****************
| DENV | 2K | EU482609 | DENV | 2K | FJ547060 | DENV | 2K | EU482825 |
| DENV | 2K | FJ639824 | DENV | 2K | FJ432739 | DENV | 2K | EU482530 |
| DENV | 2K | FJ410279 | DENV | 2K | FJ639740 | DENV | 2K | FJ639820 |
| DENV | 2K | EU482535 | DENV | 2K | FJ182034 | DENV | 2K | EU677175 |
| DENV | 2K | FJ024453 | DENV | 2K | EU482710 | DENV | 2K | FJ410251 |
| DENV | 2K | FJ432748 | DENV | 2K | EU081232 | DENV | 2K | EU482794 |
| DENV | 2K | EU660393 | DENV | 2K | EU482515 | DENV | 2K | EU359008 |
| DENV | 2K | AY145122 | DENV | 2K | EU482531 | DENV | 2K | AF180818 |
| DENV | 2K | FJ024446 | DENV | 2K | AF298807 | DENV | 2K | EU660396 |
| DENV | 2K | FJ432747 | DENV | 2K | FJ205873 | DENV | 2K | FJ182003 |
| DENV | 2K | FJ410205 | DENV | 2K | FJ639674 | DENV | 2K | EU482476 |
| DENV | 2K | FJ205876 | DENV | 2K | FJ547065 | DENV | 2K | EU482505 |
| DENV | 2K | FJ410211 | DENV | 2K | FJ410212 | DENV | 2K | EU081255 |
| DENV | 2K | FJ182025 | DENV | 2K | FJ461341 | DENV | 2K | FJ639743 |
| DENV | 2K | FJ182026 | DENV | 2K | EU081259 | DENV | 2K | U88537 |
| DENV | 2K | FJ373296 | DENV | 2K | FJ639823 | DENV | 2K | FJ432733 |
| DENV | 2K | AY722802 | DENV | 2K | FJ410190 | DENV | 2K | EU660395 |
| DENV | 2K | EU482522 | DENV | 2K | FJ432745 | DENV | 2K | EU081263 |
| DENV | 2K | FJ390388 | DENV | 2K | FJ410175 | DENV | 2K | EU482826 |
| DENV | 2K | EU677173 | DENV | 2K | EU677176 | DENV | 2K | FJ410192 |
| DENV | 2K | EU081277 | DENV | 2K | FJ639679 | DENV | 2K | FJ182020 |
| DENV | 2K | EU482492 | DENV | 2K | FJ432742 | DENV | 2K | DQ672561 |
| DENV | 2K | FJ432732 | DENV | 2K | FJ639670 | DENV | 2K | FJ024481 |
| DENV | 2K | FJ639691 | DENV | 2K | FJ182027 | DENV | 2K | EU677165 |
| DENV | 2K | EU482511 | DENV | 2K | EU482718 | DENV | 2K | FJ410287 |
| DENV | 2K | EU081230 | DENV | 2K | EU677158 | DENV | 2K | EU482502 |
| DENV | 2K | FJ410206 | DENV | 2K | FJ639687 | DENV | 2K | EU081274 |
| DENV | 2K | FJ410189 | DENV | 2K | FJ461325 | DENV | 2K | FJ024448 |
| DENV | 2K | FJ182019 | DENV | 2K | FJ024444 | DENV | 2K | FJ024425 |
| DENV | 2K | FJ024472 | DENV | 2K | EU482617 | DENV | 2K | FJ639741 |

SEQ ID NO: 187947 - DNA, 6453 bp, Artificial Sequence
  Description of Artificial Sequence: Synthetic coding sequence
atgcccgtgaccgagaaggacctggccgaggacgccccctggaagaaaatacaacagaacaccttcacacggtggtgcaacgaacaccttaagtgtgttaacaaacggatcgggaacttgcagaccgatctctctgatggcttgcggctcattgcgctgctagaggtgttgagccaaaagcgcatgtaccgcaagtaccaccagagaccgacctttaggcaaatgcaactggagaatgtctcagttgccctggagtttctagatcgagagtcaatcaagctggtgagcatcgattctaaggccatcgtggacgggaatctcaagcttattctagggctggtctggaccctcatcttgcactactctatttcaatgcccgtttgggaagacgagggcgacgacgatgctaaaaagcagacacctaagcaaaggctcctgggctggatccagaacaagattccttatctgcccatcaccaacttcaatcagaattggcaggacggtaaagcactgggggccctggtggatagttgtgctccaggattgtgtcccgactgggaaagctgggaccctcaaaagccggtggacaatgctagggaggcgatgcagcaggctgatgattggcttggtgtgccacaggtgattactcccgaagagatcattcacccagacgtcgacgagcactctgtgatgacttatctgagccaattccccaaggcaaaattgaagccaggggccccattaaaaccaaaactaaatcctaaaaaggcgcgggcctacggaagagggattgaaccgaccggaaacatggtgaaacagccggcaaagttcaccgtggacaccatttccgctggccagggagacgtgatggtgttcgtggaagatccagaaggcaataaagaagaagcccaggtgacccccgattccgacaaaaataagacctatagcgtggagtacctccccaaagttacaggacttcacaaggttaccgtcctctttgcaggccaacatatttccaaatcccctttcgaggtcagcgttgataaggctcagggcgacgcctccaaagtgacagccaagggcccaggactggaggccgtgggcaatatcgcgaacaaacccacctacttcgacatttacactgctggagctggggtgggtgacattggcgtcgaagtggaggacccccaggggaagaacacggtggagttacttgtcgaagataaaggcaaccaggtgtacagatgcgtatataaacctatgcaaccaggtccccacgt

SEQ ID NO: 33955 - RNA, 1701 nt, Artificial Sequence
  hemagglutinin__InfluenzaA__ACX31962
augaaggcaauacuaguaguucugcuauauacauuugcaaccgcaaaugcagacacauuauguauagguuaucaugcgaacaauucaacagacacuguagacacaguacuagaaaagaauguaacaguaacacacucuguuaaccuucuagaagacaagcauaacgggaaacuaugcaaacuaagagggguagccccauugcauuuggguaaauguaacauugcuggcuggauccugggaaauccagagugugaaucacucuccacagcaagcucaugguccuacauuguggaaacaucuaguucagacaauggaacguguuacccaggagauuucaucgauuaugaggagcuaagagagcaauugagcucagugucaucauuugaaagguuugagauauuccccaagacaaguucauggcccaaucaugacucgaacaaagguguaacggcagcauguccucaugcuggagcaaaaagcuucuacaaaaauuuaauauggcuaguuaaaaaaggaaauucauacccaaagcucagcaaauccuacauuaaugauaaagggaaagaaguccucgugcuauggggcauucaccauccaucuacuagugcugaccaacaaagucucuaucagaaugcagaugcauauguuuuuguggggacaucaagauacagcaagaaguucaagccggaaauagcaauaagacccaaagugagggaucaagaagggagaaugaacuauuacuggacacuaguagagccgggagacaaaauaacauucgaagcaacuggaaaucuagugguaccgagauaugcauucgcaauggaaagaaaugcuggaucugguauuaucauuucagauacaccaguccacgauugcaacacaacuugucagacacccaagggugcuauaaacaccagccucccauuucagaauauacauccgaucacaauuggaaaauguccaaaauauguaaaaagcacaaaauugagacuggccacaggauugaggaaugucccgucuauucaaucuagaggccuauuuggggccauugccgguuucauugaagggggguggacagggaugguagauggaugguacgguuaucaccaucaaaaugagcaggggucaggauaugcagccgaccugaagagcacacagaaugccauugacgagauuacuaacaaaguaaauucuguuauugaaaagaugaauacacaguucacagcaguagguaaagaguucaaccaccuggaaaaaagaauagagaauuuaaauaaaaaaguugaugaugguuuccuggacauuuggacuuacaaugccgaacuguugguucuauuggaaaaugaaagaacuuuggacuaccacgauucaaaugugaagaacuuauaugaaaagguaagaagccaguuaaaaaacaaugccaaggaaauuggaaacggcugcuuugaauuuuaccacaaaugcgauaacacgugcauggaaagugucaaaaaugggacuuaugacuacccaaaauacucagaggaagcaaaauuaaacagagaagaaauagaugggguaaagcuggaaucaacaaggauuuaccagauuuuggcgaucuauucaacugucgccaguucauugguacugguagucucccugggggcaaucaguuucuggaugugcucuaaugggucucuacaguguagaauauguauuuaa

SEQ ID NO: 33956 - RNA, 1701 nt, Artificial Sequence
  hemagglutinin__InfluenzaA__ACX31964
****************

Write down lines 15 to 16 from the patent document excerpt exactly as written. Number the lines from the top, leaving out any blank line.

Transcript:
| DENV | 2K | FJ182026 | DENV | 2K | EU081259 | DENV | 2K | U88537 |
| DENV | 2K | FJ373296 | DENV | 2K | FJ639823 | DENV | 2K | FJ432733 |